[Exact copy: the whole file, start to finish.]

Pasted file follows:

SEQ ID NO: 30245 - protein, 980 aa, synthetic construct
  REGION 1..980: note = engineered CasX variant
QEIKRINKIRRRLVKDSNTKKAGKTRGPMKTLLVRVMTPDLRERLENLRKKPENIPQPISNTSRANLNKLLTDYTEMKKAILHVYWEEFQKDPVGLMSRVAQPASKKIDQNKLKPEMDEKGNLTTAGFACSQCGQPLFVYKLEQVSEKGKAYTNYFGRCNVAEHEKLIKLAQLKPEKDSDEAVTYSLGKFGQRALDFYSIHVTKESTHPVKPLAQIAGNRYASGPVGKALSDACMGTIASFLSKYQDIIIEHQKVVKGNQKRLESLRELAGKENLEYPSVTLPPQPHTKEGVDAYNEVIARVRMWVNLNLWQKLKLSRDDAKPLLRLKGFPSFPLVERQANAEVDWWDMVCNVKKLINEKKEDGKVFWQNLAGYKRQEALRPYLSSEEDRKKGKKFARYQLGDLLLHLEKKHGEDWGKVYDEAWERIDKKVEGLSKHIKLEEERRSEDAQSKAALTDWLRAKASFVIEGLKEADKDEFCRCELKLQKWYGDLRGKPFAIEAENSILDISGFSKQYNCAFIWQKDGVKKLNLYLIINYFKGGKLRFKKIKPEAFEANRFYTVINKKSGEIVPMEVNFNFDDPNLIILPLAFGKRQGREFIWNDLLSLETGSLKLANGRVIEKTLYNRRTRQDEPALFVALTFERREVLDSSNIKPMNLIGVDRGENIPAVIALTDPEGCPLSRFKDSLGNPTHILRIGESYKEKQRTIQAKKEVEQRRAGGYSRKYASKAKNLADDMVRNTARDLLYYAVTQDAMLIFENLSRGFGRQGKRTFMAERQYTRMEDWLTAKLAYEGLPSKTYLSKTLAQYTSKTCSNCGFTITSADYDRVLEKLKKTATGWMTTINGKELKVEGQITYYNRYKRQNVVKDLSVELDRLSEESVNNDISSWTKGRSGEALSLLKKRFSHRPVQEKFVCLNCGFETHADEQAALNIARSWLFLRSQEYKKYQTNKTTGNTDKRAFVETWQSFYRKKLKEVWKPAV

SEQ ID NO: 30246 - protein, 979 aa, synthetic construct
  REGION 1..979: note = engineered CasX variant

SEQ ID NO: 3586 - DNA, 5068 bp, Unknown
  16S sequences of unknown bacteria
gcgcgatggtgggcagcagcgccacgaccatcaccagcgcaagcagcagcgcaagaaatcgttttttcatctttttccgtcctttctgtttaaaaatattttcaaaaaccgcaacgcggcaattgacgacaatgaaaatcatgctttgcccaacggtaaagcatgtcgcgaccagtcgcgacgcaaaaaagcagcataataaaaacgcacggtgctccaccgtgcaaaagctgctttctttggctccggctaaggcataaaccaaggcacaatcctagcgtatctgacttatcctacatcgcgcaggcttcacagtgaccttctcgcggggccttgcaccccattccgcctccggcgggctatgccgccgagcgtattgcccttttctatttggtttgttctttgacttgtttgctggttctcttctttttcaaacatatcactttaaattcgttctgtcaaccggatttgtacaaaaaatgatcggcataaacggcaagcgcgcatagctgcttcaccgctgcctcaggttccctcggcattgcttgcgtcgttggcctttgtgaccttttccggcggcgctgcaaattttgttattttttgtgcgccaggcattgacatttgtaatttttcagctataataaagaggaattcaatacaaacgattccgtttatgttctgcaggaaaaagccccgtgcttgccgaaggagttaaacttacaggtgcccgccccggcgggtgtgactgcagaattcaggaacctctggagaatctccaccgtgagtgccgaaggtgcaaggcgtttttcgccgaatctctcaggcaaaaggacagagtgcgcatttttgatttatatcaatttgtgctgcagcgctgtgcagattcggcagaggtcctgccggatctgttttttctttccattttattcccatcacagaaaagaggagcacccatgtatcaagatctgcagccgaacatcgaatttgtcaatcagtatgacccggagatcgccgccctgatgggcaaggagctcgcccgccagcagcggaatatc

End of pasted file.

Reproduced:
SEQ ID NO: 30245 - protein, 980 aa, synthetic construct
  REGION 1..980: note = engineered CasX variant
QEIKRINKIRRRLVKDSNTKKAGKTRGPMKTLLVRVMTPDLRERLENLRKKPENIPQPISNTSRANLNKLLTDYTEMKKAILHVYWEEFQKDPVGLMSRVAQPASKKIDQNKLKPEMDEKGNLTTAGFACSQCGQPLFVYKLEQVSEKGKAYTNYFGRCNVAEHEKLIKLAQLKPEKDSDEAVTYSLGKFGQRALDFYSIHVTKESTHPVKPLAQIAGNRYASGPVGKALSDACMGTIASFLSKYQDIIIEHQKVVKGNQKRLESLRELAGKENLEYPSVTLPPQPHTKEGVDAYNEVIARVRMWVNLNLWQKLKLSRDDAKPLLRLKGFPSFPLVERQANAEVDWWDMVCNVKKLINEKKEDGKVFWQNLAGYKRQEALRPYLSSEEDRKKGKKFARYQLGDLLLHLEKKHGEDWGKVYDEAWERIDKKVEGLSKHIKLEEERRSEDAQSKAALTDWLRAKASFVIEGLKEADKDEFCRCELKLQKWYGDLRGKPFAIEAENSILDISGFSKQYNCAFIWQKDGVKKLNLYLIINYFKGGKLRFKKIKPEAFEANRFYTVINKKSGEIVPMEVNFNFDDPNLIILPLAFGKRQGREFIWNDLLSLETGSLKLANGRVIEKTLYNRRTRQDEPALFVALTFERREVLDSSNIKPMNLIGVDRGENIPAVIALTDPEGCPLSRFKDSLGNPTHILRIGESYKEKQRTIQAKKEVEQRRAGGYSRKYASKAKNLADDMVRNTARDLLYYAVTQDAMLIFENLSRGFGRQGKRTFMAERQYTRMEDWLTAKLAYEGLPSKTYLSKTLAQYTSKTCSNCGFTITSADYDRVLEKLKKTATGWMTTINGKELKVEGQITYYNRYKRQNVVKDLSVELDRLSEESVNNDISSWTKGRSGEALSLLKKRFSHRPVQEKFVCLNCGFETHADEQAALNIARSWLFLRSQEYKKYQTNKTTGNTDKRAFVETWQSFYRKKLKEVWKPAV

SEQ ID NO: 30246 - protein, 979 aa, synthetic construct
  REGION 1..979: note = engineered CasX variant

SEQ ID NO: 3586 - DNA, 5068 bp, Unknown
  16S sequences of unknown bacteria
gcgcgatggtgggcagcagcgccacgaccatcaccagcgcaagcagcagcgcaagaaatcgttttttcatctttttccgtcctttctgtttaaaaatattttcaaaaaccgcaacgcggcaattgacgacaatgaaaatcatgctttgcccaacggtaaagcatgtcgcgaccagtcgcgacgcaaaaaagcagcataataaaaacgcacggtgctccaccgtgcaaaagctgctttctttggctccggctaaggcataaaccaaggcacaatcctagcgtatctgacttatcctacatcgcgcaggcttcacagtgaccttctcgcggggccttgcaccccattccgcctccggcgggctatgccgccgagcgtattgcccttttctatttggtttgttctttgacttgtttgctggttctcttctttttcaaacatatcactttaaattcgttctgtcaaccggatttgtacaaaaaatgatcggcataaacggcaagcgcgcatagctgcttcaccgctgcctcaggttccctcggcattgcttgcgtcgttggcctttgtgaccttttccggcggcgctgcaaattttgttattttttgtgcgccaggcattgacatttgtaatttttcagctataataaagaggaattcaatacaaacgattccgtttatgttctgcaggaaaaagccccgtgcttgccgaaggagttaaacttacaggtgcccgccccggcgggtgtgactgcagaattcaggaacctctggagaatctccaccgtgagtgccgaaggtgcaaggcgtttttcgccgaatctctcaggcaaaaggacagagtgcgcatttttgatttatatcaatttgtgctgcagcgctgtgcagattcggcagaggtcctgccggatctgttttttctttccattttattcccatcacagaaaagaggagcacccatgtatcaagatctgcagccgaacatcgaatttgtcaatcagtatgacccggagatcgccgccctgatgggcaaggagctcgcccgccagcagcggaatatc